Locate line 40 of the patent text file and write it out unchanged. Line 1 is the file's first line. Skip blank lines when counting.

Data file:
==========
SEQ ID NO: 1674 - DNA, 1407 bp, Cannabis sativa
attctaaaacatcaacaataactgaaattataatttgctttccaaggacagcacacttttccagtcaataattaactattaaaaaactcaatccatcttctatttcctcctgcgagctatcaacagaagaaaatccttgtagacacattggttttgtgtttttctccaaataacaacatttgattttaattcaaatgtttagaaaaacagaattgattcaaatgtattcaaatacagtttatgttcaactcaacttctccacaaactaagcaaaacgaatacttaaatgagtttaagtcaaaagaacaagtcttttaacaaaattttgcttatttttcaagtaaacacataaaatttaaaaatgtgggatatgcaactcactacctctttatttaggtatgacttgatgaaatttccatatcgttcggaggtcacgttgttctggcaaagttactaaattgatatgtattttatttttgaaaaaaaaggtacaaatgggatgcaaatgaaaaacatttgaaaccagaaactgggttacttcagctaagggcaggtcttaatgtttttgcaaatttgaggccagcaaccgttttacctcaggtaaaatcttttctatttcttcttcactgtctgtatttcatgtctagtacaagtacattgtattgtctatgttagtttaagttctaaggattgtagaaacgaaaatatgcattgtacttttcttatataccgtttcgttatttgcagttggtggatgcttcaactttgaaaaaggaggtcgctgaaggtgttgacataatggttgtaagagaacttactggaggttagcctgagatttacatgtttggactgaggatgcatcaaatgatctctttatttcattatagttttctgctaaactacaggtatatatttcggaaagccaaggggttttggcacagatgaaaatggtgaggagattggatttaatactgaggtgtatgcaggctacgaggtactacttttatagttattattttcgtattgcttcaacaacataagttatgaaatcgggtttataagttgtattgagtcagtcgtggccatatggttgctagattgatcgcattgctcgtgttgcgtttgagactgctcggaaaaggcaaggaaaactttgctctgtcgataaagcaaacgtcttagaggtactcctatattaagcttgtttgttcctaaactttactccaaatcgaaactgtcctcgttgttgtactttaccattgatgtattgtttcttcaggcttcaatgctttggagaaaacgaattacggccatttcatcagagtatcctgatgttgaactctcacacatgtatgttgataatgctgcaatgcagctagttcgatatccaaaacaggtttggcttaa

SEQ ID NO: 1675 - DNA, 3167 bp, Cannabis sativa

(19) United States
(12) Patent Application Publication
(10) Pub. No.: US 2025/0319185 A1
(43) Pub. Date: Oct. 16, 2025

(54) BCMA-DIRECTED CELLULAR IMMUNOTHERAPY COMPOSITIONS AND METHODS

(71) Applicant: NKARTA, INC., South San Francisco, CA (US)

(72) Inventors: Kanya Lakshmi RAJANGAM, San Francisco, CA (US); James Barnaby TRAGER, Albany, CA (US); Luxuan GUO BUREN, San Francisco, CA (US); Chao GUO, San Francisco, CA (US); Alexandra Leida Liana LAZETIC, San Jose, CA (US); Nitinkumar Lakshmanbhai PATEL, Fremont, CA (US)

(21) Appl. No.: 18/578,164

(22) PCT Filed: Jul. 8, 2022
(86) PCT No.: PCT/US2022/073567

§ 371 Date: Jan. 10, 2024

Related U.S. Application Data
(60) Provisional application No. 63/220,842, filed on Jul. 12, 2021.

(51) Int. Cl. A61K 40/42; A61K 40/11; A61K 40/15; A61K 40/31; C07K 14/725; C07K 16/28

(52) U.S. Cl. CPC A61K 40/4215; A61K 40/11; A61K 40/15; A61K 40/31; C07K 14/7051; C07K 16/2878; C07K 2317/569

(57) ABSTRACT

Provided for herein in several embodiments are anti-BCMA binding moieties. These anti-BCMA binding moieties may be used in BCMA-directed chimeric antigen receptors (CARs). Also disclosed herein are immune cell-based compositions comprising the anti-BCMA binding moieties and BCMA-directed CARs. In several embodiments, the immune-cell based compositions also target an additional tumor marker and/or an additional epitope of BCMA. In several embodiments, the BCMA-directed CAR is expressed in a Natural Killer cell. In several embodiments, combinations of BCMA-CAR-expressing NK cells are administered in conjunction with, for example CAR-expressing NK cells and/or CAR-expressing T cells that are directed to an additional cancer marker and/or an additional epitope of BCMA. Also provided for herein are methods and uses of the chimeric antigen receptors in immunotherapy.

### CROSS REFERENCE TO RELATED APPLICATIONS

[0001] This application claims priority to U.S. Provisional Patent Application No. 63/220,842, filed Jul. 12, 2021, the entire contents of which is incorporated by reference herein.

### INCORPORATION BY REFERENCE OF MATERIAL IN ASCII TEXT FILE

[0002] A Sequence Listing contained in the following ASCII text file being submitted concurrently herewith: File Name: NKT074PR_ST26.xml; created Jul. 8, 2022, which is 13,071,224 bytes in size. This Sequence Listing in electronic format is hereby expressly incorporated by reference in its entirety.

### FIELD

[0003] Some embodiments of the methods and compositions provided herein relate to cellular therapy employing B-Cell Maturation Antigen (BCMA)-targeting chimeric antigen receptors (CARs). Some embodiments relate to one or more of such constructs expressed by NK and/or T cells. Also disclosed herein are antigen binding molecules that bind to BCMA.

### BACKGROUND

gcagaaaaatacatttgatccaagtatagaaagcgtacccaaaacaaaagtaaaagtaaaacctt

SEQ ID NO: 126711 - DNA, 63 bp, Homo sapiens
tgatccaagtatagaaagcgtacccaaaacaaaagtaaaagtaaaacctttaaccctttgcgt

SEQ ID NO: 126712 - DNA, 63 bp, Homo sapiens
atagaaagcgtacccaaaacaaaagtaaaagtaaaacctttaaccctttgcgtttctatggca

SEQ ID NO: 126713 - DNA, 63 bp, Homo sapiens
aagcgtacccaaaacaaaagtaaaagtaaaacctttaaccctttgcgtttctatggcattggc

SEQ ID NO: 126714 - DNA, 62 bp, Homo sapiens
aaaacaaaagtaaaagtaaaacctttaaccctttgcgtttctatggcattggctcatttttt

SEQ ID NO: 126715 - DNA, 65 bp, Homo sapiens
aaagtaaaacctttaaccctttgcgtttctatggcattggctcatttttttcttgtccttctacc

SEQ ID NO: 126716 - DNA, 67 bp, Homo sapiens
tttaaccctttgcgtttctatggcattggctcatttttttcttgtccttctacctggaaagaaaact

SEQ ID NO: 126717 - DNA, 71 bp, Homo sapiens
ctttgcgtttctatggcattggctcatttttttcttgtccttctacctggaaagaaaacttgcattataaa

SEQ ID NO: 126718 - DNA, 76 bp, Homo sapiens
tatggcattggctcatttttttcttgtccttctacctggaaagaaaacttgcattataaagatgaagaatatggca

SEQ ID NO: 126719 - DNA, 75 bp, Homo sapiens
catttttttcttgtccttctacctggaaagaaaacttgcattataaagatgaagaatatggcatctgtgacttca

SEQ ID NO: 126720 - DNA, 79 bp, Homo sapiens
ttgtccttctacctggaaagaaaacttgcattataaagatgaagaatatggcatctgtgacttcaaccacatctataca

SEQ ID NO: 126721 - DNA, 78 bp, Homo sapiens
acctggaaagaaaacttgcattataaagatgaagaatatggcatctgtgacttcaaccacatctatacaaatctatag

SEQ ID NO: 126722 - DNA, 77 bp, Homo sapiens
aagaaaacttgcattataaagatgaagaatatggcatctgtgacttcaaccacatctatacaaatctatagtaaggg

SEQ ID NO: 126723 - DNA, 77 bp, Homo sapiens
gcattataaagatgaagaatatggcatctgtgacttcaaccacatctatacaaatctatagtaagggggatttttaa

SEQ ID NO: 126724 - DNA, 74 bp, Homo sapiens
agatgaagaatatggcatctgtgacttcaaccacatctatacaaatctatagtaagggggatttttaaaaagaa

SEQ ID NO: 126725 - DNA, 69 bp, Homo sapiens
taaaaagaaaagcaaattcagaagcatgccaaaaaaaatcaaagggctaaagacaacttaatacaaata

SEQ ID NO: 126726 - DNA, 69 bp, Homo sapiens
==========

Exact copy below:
tttaaccctttgcgtttctatggcattggctcatttttttcttgtccttctacctggaaagaaaact